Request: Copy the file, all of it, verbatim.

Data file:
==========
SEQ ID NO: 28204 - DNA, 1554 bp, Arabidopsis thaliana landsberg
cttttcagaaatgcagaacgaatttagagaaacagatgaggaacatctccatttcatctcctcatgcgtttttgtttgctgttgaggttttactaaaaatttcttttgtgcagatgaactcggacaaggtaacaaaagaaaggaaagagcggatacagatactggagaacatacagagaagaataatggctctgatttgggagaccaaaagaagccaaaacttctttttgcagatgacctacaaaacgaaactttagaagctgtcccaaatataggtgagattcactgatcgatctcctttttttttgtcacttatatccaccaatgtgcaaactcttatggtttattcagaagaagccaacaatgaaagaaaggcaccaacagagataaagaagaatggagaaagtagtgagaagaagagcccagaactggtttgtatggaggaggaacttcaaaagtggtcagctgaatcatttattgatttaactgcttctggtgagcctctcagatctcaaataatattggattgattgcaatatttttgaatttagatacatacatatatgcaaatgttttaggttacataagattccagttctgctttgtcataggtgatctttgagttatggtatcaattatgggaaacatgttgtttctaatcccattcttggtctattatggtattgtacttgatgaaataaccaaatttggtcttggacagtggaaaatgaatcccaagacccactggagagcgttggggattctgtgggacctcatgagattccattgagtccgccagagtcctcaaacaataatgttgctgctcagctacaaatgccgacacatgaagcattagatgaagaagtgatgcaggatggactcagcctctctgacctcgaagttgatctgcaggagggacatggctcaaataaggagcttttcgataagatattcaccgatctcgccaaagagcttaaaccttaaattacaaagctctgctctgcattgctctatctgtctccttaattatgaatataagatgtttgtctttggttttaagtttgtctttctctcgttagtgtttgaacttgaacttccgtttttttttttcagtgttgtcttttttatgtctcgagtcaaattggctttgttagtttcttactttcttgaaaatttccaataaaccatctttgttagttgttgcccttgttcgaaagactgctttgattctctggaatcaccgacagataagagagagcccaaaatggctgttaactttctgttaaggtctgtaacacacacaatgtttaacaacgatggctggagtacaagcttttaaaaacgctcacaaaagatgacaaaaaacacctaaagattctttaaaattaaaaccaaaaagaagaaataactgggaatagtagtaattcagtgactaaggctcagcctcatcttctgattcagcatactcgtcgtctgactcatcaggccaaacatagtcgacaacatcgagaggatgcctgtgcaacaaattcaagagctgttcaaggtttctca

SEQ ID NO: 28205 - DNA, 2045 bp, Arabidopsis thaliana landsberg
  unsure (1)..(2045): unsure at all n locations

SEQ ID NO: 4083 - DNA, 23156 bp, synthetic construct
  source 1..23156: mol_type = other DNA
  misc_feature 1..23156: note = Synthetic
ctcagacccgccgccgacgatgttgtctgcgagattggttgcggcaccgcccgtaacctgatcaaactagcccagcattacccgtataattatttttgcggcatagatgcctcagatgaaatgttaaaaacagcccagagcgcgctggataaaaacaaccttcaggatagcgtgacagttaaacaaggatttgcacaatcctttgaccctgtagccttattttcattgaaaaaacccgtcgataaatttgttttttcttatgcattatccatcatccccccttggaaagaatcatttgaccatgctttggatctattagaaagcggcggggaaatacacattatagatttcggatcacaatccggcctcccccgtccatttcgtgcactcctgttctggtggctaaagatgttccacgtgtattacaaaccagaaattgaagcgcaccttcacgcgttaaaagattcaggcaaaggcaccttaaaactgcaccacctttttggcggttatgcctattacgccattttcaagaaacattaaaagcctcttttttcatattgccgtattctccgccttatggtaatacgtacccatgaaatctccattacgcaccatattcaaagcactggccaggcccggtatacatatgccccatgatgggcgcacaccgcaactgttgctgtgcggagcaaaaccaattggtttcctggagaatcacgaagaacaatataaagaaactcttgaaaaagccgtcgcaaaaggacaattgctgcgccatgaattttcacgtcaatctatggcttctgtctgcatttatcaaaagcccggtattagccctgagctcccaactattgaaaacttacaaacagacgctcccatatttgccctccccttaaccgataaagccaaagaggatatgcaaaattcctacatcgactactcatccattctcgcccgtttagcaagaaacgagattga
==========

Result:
SEQ ID NO: 28204 - DNA, 1554 bp, Arabidopsis thaliana landsberg
cttttcagaaatgcagaacgaatttagagaaacagatgaggaacatctccatttcatctcctcatgcgtttttgtttgctgttgaggttttactaaaaatttcttttgtgcagatgaactcggacaaggtaacaaaagaaaggaaagagcggatacagatactggagaacatacagagaagaataatggctctgatttgggagaccaaaagaagccaaaacttctttttgcagatgacctacaaaacgaaactttagaagctgtcccaaatataggtgagattcactgatcgatctcctttttttttgtcacttatatccaccaatgtgcaaactcttatggtttattcagaagaagccaacaatgaaagaaaggcaccaacagagataaagaagaatggagaaagtagtgagaagaagagcccagaactggtttgtatggaggaggaacttcaaaagtggtcagctgaatcatttattgatttaactgcttctggtgagcctctcagatctcaaataatattggattgattgcaatatttttgaatttagatacatacatatatgcaaatgttttaggttacataagattccagttctgctttgtcataggtgatctttgagttatggtatcaattatgggaaacatgttgtttctaatcccattcttggtctattatggtattgtacttgatgaaataaccaaatttggtcttggacagtggaaaatgaatcccaagacccactggagagcgttggggattctgtgggacctcatgagattccattgagtccgccagagtcctcaaacaataatgttgctgctcagctacaaatgccgacacatgaagcattagatgaagaagtgatgcaggatggactcagcctctctgacctcgaagttgatctgcaggagggacatggctcaaataaggagcttttcgataagatattcaccgatctcgccaaagagcttaaaccttaaattacaaagctctgctctgcattgctctatctgtctccttaattatgaatataagatgtttgtctttggttttaagtttgtctttctctcgttagtgtttgaacttgaacttccgtttttttttttcagtgttgtcttttttatgtctcgagtcaaattggctttgttagtttcttactttcttgaaaatttccaataaaccatctttgttagttgttgcccttgttcgaaagactgctttgattctctggaatcaccgacagataagagagagcccaaaatggctgttaactttctgttaaggtctgtaacacacacaatgtttaacaacgatggctggagtacaagcttttaaaaacgctcacaaaagatgacaaaaaacacctaaagattctttaaaattaaaaccaaaaagaagaaataactgggaatagtagtaattcagtgactaaggctcagcctcatcttctgattcagcatactcgtcgtctgactcatcaggccaaacatagtcgacaacatcgagaggatgcctgtgcaacaaattcaagagctgttcaaggtttctca

SEQ ID NO: 28205 - DNA, 2045 bp, Arabidopsis thaliana landsberg
  unsure (1)..(2045): unsure at all n locations

SEQ ID NO: 4083 - DNA, 23156 bp, synthetic construct
  source 1..23156: mol_type = other DNA
  misc_feature 1..23156: note = Synthetic
ctcagacccgccgccgacgatgttgtctgcgagattggttgcggcaccgcccgtaacctgatcaaactagcccagcattacccgtataattatttttgcggcatagatgcctcagatgaaatgttaaaaacagcccagagcgcgctggataaaaacaaccttcaggatagcgtgacagttaaacaaggatttgcacaatcctttgaccctgtagccttattttcattgaaaaaacccgtcgataaatttgttttttcttatgcattatccatcatccccccttggaaagaatcatttgaccatgctttggatctattagaaagcggcggggaaatacacattatagatttcggatcacaatccggcctcccccgtccatttcgtgcactcctgttctggtggctaaagatgttccacgtgtattacaaaccagaaattgaagcgcaccttcacgcgttaaaagattcaggcaaaggcaccttaaaactgcaccacctttttggcggttatgcctattacgccattttcaagaaacattaaaagcctcttttttcatattgccgtattctccgccttatggtaatacgtacccatgaaatctccattacgcaccatattcaaagcactggccaggcccggtatacatatgccccatgatgggcgcacaccgcaactgttgctgtgcggagcaaaaccaattggtttcctggagaatcacgaagaacaatataaagaaactcttgaaaaagccgtcgcaaaaggacaattgctgcgccatgaattttcacgtcaatctatggcttctgtctgcatttatcaaaagcccggtattagccctgagctcccaactattgaaaacttacaaacagacgctcccatatttgccctccccttaaccgataaagccaaagaggatatgcaaaattcctacatcgactactcatccattctcgcccgtttagcaagaaacgagattga